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Types of Diamond Jewelry that Every Woman Must Own

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Diamonds are known for being rare and valuable, but that is not all that they are. They are also extremely beautiful and attractive, and can add substantially to the visual appeal of any person wearing them. Diamonds can perfectly complement your attire and add a regal touch to your appearance, regardless of the occasion or the location that you are visiting. Diamonds are the perfect accessory for formal as well as informal events and occasions. However, the type of diamond jewelry you choose will be largely determined by the type of event that you are planning to attend. There are, of course, a variety of different types and designs of diamond jewelry that you can choose from. Some of the factors that you need to consider when purchasing diamond jewelry have been listed below:

  • The metal on which you want your diamonds to be set. You can choose from a wide array of choices including gold, platinum and rose-gold.
  • The design of the ornament. You can go either for an elaborate and intricate piece for ceremonial occasions or you can also opt for a simpler design for regular wear.
  • You also have to decide on the number and sizes of the diamonds on your ornament. This is an important factor and you will have to make a prudent decision in this regard, taking into consideration your tastes, preferences and budget.

After coming to a decision on the above-mentioned factors, you must take stock of your collection of diamond jewelry and then think about the pieces you want to add to that collection. Some of the must-have types of diamond jewelry have been listed below.

  • Diamond Earrings: Big diamond earrings are perfect for galas, balls and other such large-scale, ceremonial events. They are both stunning and an excellent way of drawing attention, which would help the wearer stand out spectacularly from the rest of the crowd. For regular wear, on the other hand, diamond studs are the perfect choice. They add an aura of class and sophistication to the wearer without being too ostentatious, which makes them perfect for formal and semi-formal occasions.
  • Diamond Necklace: A gorgeous and unique diamond necklace set is an important part of every woman’s jewelry collection. A good, exquisitely designed diamond necklace set will accentuate your features while helping tone down your facial weak spots. The necklace that you choose should be well matched with the outfit that you plan to pair it with. A V-neck dress or top, for example, would be best accentuated by a teardrop pendant. On the other hand, a choker might be the best choice if you plan to pair it with an elaborate ethnic outfit.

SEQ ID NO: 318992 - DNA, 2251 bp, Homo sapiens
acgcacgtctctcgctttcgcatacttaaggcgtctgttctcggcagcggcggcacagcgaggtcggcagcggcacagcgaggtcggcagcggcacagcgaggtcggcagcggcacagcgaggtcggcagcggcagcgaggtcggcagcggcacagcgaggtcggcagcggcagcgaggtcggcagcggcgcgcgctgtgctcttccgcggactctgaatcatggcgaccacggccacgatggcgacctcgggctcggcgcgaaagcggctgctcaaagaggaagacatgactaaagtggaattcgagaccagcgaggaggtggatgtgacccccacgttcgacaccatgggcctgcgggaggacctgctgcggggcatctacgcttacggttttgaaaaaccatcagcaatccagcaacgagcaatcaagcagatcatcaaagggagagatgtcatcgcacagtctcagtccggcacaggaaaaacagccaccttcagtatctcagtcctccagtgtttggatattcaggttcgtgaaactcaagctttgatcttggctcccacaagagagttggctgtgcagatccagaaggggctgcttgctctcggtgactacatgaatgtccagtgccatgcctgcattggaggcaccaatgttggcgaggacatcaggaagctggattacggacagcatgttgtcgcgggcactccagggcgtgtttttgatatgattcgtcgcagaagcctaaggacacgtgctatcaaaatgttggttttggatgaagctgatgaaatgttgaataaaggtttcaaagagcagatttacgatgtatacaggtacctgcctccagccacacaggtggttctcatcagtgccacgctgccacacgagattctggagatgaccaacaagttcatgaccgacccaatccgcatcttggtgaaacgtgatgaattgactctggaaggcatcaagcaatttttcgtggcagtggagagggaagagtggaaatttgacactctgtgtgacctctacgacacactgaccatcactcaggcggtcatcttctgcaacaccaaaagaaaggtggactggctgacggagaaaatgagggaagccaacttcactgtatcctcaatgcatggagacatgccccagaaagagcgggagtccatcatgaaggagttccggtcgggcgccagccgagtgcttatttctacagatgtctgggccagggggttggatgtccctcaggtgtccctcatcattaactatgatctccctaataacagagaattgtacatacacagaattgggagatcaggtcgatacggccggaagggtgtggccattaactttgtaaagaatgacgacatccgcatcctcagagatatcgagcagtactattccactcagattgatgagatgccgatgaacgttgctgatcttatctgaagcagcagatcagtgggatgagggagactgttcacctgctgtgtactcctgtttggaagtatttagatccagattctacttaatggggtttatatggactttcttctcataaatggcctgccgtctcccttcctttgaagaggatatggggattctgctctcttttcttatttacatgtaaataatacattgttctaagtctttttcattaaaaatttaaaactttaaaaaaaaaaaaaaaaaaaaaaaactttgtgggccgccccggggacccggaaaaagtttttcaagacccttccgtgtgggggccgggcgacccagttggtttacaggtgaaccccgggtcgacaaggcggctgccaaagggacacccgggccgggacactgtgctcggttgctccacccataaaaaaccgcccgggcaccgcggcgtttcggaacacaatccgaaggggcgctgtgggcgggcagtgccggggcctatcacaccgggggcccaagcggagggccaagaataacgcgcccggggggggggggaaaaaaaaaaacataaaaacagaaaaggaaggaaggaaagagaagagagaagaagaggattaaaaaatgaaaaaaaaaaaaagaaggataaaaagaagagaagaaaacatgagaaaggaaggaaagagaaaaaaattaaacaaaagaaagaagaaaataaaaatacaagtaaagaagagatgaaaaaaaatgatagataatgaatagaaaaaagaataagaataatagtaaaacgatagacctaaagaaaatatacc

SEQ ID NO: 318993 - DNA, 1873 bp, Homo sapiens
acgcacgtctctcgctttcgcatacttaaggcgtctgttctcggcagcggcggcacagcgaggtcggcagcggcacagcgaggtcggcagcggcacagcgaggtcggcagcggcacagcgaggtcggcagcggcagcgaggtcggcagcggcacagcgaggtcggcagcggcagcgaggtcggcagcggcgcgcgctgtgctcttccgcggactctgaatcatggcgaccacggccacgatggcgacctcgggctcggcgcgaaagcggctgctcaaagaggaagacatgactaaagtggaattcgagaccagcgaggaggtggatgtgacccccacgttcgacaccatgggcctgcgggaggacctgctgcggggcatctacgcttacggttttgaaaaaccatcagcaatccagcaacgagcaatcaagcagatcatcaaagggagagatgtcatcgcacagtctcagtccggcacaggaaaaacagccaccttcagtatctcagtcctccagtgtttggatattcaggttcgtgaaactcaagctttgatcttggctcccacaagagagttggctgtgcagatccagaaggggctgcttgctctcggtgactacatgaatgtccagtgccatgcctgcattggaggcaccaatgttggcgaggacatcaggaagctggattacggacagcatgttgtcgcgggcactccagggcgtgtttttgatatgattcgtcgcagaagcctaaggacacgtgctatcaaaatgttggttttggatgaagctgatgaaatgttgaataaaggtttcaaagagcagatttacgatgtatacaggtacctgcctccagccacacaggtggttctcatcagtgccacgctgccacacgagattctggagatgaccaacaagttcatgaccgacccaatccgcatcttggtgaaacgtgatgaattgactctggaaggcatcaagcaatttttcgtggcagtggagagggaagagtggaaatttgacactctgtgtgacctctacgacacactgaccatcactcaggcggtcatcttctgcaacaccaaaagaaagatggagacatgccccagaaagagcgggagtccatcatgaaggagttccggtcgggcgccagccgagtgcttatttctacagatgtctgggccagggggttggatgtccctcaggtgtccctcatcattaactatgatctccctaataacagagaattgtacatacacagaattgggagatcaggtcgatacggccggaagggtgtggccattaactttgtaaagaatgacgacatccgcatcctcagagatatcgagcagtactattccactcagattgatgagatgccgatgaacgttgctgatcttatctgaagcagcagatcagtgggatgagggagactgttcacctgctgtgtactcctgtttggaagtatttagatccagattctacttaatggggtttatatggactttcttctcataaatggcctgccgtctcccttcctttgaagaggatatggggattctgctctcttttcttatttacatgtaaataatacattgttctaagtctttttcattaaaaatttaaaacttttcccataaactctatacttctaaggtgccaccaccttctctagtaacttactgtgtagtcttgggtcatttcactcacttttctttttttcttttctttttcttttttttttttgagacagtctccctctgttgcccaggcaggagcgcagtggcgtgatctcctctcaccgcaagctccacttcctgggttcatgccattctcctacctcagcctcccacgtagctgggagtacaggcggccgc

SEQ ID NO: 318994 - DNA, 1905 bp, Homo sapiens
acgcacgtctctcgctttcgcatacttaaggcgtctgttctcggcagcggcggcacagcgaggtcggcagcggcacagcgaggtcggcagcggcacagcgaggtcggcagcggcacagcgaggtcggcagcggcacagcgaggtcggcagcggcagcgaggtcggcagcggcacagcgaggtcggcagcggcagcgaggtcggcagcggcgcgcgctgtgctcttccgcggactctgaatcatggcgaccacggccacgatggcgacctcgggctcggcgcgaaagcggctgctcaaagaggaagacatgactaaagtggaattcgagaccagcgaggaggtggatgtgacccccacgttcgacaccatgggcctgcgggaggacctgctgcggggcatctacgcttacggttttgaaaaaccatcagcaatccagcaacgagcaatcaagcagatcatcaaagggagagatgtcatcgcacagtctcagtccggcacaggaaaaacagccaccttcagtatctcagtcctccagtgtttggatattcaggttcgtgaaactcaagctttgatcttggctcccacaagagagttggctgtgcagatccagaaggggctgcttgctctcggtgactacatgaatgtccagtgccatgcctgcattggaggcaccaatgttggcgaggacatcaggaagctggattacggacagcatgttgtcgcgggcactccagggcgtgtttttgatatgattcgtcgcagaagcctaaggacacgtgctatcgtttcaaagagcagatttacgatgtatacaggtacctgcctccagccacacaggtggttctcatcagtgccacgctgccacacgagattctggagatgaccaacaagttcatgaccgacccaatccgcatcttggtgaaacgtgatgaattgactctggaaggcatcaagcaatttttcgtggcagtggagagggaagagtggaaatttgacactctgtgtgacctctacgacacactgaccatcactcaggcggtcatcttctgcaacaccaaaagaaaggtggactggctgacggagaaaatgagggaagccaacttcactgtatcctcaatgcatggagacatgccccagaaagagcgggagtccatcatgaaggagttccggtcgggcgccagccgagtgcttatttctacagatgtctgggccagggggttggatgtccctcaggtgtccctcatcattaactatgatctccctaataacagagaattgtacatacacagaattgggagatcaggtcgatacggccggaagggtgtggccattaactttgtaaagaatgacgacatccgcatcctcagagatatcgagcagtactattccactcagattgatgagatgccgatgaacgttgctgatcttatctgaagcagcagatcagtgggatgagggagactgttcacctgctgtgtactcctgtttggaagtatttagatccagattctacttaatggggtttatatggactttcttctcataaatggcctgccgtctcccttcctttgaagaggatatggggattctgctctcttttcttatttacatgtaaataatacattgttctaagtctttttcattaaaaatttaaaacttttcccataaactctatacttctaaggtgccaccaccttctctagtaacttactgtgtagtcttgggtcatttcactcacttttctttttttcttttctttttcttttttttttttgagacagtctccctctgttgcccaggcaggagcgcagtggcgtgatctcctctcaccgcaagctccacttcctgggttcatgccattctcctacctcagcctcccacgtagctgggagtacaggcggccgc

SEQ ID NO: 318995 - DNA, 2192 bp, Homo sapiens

• Diamond Bracelet: A diamond bracelet can add an elegance and sophistication to your overall appearance. This type of jewelry is usually understated and relatively nuanced. A tear drop diamond bracelet, for example, can be both minimalistic and gorgeous, making it the perfect choice for formal occasions and everyday outings. A more elaborate bracelet can be chosen for ceremonial occasions such as weddings. Diamond bracelets should ideally be paired with an outfit that is either sleeveless or has short sleeves.
  • Diamond Rings: Diamond rings are the ideal gift for your special someone, as they are rare, valuable as well as exquisite, a perfect symbol of your devotion to the other person. A customized diamond engagement ring is the dream for most modern young women and it might be the perfect way of starting your new life together with your partner. A solitaire ring might be ideal if you truly want to stand out from the crowd and be memorable to all those who see you.

You can purchase a diamond bracelet or an exquisite diamond necklace set by visiting the website of a reputed online jewelry portal. By doing so, you can get access to a wide array of innovative designs without ever leaving the comfort of your home.